The $15 billion U.S. mattress industry is dominated by the four “big S” companies — Sealy, Serta, Simmons and Stearns & Foster. These big players produce a confusing array of products with often excessive markups.
Since its founding in 2012, Tuft & Needle has been hard at work disrupting the mattress industry’s modus operandi:
- Simplified product line – Like Apple, Tuft & Needle offers just one mattress in a variety of sizes, avoiding the sleight-of-brand game so preferred by the industry.
- Simplified distribution – Foregoing brick and mortar retailers lets Tuft & Needle offer better products at reasonable prices. And selling their products either direct or via Amazon.com further simplifies the distribution chain.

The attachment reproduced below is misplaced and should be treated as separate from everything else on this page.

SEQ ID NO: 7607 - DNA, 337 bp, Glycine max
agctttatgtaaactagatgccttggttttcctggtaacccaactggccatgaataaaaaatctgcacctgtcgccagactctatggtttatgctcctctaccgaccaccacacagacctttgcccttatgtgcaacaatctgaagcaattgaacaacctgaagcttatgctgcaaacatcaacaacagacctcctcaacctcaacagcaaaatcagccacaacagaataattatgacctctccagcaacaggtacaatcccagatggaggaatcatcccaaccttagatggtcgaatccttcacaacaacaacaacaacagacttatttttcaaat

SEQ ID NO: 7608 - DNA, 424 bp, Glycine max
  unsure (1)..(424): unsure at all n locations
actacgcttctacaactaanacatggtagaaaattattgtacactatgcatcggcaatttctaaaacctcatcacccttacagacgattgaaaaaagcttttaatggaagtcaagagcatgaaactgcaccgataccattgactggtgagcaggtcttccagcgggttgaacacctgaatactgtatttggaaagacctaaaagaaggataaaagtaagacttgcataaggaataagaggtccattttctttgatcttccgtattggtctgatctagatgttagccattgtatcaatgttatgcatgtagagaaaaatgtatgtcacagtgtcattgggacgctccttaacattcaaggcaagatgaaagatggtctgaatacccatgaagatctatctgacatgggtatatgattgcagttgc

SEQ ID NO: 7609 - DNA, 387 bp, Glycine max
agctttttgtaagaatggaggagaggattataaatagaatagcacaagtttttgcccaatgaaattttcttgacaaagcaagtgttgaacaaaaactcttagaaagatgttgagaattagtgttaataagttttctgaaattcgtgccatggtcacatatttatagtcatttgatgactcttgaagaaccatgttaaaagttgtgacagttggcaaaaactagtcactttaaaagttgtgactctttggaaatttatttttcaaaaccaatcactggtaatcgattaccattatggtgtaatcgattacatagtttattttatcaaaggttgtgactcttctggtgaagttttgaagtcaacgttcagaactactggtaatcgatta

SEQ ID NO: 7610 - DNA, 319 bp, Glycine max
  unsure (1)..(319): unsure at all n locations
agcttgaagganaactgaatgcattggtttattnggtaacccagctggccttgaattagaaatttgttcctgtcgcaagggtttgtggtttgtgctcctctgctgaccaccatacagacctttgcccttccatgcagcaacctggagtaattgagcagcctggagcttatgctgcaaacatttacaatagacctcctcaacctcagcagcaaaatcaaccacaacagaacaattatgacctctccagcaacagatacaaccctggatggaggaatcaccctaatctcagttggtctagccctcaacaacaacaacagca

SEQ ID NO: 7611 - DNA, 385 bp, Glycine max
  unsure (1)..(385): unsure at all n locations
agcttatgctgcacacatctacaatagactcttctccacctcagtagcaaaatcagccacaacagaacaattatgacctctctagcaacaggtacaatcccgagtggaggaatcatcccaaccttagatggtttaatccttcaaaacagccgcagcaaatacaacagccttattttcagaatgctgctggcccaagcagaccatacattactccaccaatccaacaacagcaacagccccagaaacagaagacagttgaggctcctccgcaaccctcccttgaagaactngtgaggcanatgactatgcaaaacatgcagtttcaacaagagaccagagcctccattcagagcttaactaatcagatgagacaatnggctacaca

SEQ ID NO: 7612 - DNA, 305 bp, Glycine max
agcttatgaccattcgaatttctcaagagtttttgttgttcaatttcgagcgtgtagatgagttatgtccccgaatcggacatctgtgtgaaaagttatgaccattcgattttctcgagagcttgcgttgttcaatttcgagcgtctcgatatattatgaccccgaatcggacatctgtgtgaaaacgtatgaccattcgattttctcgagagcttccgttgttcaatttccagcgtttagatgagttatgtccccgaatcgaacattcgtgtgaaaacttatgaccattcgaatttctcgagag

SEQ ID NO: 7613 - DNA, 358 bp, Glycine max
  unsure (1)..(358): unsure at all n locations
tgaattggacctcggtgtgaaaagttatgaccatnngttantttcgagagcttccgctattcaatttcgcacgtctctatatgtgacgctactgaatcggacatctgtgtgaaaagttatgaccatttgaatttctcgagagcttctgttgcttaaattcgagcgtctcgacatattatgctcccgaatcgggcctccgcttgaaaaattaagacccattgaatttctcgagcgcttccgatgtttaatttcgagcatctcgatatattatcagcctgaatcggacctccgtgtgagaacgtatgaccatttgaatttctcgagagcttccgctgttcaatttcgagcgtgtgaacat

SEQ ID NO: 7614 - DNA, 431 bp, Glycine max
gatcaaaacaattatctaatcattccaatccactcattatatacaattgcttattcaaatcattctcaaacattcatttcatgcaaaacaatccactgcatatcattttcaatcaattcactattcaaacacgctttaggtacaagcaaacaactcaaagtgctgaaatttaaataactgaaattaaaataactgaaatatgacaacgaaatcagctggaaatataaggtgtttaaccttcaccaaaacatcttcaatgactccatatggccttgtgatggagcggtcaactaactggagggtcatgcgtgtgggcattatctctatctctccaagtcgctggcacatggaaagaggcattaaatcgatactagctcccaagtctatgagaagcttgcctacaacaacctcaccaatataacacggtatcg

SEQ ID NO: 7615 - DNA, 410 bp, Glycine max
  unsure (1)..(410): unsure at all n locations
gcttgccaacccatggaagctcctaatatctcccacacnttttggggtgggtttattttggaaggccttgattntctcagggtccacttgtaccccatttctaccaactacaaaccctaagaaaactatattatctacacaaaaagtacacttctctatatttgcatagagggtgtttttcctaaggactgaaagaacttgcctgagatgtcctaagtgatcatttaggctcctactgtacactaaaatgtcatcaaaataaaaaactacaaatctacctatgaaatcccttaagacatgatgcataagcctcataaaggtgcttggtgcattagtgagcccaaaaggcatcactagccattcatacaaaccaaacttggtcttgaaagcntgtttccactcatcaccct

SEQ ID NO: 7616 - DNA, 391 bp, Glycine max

- Simplified packaging – Tuft & Needle mattresses are shipped in small package (19” x 19” x 44”), which contains a compressed mattress that expands on opening.
- Simplified pricing – A queen size Tuft & Needle mattress is priced at $600 even. Notice the absence of the $599.99 pricing gimmick American retailers are so beholden to.
When two former tech employees invest $6,000 in a mattress startup and end up not only selling Amazon.com’s highest-rated mattresses, but also the retailer’s highest-rated furniture product overall, you know you’ve got a worldbeater. On Amazon.com, Tuft & Needle has garnered 2,081 reviews with an aggregate rating of 4.5 out of five stars. That’s quite a feat for any consumer products manufacturer, let alone one that started making products just three short years ago.
After the company’s first full year in business in 2013, Tuft & Needle generated $1 million sales. Revenues jumped to $9 million in 2014. In 2015, the Phoenix startup is on track to generate between $40 million and $75 million in sales.
Year (of first major innovation): 2013
Innovation Types: Product, Distribution